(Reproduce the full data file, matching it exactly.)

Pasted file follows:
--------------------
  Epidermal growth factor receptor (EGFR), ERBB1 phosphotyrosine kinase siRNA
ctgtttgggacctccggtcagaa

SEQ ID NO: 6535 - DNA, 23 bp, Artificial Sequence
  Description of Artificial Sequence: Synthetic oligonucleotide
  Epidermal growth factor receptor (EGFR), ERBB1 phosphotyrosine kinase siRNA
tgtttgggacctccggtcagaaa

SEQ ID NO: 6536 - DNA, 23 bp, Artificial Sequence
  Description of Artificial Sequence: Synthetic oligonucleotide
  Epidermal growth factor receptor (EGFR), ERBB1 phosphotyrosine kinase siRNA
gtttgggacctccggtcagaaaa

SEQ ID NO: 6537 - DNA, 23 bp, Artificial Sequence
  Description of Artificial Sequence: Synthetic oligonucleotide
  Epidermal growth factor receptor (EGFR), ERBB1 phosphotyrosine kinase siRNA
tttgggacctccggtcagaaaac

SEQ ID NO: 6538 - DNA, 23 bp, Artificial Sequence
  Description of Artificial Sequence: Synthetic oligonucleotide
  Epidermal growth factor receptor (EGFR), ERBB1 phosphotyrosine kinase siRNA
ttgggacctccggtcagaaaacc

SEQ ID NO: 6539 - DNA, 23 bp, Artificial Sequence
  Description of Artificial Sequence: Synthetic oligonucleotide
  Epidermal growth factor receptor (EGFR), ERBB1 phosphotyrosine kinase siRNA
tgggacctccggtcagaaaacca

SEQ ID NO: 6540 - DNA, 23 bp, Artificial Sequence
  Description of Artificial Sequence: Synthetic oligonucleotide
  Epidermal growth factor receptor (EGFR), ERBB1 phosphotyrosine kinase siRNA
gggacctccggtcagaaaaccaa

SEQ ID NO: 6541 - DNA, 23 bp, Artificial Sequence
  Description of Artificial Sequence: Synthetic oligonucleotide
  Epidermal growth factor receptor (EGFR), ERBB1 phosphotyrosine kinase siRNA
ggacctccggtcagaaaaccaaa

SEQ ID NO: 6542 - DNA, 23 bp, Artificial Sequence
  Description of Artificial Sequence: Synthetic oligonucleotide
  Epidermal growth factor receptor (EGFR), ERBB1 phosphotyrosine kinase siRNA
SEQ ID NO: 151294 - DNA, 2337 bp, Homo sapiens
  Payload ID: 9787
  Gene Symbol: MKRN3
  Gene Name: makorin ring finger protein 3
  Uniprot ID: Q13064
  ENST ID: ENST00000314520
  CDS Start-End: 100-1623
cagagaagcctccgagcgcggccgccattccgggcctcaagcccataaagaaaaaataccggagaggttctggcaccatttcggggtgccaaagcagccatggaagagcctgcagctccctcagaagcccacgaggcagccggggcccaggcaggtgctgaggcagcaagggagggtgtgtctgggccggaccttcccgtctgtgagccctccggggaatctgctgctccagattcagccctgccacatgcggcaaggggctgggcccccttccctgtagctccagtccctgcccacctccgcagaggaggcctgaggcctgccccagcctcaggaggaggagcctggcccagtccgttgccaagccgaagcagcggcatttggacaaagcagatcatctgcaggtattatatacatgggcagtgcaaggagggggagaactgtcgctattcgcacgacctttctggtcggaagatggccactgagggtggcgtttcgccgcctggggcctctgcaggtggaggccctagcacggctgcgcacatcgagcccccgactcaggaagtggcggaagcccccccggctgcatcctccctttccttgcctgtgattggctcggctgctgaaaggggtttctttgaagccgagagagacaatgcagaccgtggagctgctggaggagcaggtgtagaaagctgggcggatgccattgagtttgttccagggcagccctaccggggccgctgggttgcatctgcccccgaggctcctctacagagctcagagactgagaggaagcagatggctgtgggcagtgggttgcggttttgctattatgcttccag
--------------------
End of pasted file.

  Epidermal growth factor receptor (EGFR), ERBB1 phosphotyrosine kinase siRNA
ctgtttgggacctccggtcagaa

SEQ ID NO: 6535 - DNA, 23 bp, Artificial Sequence
  Description of Artificial Sequence: Synthetic oligonucleotide
  Epidermal growth factor receptor (EGFR), ERBB1 phosphotyrosine kinase siRNA
tgtttgggacctccggtcagaaa

SEQ ID NO: 6536 - DNA, 23 bp, Artificial Sequence
  Description of Artificial Sequence: Synthetic oligonucleotide
  Epidermal growth factor receptor (EGFR), ERBB1 phosphotyrosine kinase siRNA
gtttgggacctccggtcagaaaa

SEQ ID NO: 6537 - DNA, 23 bp, Artificial Sequence
  Description of Artificial Sequence: Synthetic oligonucleotide
  Epidermal growth factor receptor (EGFR), ERBB1 phosphotyrosine kinase siRNA
tttgggacctccggtcagaaaac

SEQ ID NO: 6538 - DNA, 23 bp, Artificial Sequence
  Description of Artificial Sequence: Synthetic oligonucleotide
  Epidermal growth factor receptor (EGFR), ERBB1 phosphotyrosine kinase siRNA
ttgggacctccggtcagaaaacc

SEQ ID NO: 6539 - DNA, 23 bp, Artificial Sequence
  Description of Artificial Sequence: Synthetic oligonucleotide
  Epidermal growth factor receptor (EGFR), ERBB1 phosphotyrosine kinase siRNA
tgggacctccggtcagaaaacca

SEQ ID NO: 6540 - DNA, 23 bp, Artificial Sequence
  Description of Artificial Sequence: Synthetic oligonucleotide
  Epidermal growth factor receptor (EGFR), ERBB1 phosphotyrosine kinase siRNA
gggacctccggtcagaaaaccaa

SEQ ID NO: 6541 - DNA, 23 bp, Artificial Sequence
  Description of Artificial Sequence: Synthetic oligonucleotide
  Epidermal growth factor receptor (EGFR), ERBB1 phosphotyrosine kinase siRNA
ggacctccggtcagaaaaccaaa

SEQ ID NO: 6542 - DNA, 23 bp, Artificial Sequence
  Description of Artificial Sequence: Synthetic oligonucleotide
  Epidermal growth factor receptor (EGFR), ERBB1 phosphotyrosine kinase siRNA
SEQ ID NO: 151294 - DNA, 2337 bp, Homo sapiens
  Payload ID: 9787
  Gene Symbol: MKRN3
  Gene Name: makorin ring finger protein 3
  Uniprot ID: Q13064
  ENST ID: ENST00000314520
  CDS Start-End: 100-1623
cagagaagcctccgagcgcggccgccattccgggcctcaagcccataaagaaaaaataccggagaggttctggcaccatttcggggtgccaaagcagccatggaagagcctgcagctccctcagaagcccacgaggcagccggggcccaggcaggtgctgaggcagcaagggagggtgtgtctgggccggaccttcccgtctgtgagccctccggggaatctgctgctccagattcagccctgccacatgcggcaaggggctgggcccccttccctgtagctccagtccctgcccacctccgcagaggaggcctgaggcctgccccagcctcaggaggaggagcctggcccagtccgttgccaagccgaagcagcggcatttggacaaagcagatcatctgcaggtattatatacatgggcagtgcaaggagggggagaactgtcgctattcgcacgacctttctggtcggaagatggccactgagggtggcgtttcgccgcctggggcctctgcaggtggaggccctagcacggctgcgcacatcgagcccccgactcaggaagtggcggaagcccccccggctgcatcctccctttccttgcctgtgattggctcggctgctgaaaggggtttctttgaagccgagagagacaatgcagaccgtggagctgctggaggagcaggtgtagaaagctgggcggatgccattgagtttgttccagggcagccctaccggggccgctgggttgcatctgcccccgaggctcctctacagagctcagagactgagaggaagcagatggctgtgggcagtgggttgcggttttgctattatgcttccag